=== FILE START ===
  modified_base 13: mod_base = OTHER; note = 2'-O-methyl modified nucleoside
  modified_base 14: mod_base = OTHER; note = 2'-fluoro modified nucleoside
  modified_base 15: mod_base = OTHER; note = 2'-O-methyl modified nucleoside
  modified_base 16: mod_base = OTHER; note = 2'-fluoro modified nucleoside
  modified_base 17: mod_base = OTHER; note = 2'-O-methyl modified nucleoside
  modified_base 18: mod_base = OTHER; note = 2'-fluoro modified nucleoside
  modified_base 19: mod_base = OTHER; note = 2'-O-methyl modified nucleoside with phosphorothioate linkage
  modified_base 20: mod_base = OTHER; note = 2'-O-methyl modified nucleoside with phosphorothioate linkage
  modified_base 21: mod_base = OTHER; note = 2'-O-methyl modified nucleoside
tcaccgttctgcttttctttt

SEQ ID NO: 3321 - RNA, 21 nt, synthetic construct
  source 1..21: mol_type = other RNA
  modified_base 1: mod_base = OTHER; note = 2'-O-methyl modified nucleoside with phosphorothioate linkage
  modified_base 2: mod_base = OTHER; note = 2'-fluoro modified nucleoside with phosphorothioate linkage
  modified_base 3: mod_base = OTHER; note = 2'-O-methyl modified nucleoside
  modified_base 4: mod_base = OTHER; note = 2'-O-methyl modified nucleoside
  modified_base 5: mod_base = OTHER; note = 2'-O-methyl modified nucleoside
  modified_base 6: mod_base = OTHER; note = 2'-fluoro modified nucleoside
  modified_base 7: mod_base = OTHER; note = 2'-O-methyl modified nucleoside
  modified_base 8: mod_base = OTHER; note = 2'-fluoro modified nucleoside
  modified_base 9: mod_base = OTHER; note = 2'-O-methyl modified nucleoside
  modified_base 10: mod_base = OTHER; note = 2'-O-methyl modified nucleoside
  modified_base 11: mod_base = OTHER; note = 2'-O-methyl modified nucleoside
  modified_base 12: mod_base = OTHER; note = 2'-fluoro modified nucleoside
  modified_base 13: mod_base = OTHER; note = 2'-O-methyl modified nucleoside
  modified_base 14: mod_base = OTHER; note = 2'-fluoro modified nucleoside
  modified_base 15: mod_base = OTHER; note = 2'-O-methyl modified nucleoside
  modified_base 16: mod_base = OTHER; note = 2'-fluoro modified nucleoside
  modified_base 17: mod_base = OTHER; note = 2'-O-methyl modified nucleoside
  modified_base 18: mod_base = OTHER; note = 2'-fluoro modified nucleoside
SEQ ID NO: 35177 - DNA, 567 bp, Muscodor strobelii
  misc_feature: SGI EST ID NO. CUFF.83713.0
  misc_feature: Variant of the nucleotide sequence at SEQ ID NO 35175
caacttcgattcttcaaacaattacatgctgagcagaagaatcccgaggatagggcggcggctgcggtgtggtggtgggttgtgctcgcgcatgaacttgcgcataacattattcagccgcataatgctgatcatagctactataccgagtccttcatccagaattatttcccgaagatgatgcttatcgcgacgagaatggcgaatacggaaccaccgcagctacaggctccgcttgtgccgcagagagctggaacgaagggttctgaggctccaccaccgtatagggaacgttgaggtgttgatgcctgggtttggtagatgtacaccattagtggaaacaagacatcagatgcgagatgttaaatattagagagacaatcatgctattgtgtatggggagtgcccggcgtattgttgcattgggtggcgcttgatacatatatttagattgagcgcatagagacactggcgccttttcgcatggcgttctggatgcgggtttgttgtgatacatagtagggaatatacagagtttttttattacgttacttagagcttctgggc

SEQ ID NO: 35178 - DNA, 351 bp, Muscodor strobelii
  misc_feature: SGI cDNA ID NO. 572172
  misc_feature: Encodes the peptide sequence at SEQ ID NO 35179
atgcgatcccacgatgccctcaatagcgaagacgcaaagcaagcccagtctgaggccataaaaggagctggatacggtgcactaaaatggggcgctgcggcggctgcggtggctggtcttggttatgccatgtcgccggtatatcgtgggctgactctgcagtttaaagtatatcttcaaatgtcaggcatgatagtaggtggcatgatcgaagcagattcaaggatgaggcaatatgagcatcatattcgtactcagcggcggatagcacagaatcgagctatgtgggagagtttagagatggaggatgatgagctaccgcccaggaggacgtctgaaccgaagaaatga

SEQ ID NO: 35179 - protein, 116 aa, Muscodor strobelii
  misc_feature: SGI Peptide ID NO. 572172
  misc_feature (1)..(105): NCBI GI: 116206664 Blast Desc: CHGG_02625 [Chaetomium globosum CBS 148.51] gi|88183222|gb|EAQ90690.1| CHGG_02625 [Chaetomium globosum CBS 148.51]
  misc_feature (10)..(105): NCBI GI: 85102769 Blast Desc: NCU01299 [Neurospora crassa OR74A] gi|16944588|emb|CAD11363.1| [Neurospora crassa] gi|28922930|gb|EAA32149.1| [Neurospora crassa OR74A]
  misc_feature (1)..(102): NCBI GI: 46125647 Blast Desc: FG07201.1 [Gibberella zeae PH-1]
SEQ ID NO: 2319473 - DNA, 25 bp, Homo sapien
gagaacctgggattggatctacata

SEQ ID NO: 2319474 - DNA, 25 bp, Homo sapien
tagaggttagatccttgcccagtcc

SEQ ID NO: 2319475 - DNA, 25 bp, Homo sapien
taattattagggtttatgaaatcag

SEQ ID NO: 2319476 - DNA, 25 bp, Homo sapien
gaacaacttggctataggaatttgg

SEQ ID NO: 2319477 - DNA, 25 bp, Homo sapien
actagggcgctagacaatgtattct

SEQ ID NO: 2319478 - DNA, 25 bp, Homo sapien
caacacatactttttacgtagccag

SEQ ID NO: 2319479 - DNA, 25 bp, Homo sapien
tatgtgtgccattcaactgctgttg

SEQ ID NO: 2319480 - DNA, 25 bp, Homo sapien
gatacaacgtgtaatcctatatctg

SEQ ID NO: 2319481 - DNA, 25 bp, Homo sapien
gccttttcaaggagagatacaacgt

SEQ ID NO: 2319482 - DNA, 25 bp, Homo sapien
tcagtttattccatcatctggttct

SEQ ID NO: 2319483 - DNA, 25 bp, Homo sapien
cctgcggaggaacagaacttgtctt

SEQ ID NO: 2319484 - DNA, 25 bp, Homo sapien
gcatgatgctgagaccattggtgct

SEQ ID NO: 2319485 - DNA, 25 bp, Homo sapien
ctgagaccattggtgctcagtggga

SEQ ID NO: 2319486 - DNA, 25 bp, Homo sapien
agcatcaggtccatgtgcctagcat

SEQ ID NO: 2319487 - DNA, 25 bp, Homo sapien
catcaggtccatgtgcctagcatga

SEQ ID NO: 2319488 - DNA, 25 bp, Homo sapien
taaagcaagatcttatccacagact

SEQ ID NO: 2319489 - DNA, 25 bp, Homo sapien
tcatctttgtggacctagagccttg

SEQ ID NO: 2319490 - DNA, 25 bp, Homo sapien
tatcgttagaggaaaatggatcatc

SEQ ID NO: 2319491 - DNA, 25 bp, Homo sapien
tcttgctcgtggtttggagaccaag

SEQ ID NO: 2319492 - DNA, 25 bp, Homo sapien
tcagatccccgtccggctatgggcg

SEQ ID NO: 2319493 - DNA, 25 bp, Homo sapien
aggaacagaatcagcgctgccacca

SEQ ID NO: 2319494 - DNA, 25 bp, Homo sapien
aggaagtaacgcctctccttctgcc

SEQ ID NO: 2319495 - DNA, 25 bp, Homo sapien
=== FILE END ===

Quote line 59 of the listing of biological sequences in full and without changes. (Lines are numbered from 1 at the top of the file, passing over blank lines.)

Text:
gatacaacgtgtaatcctatatctg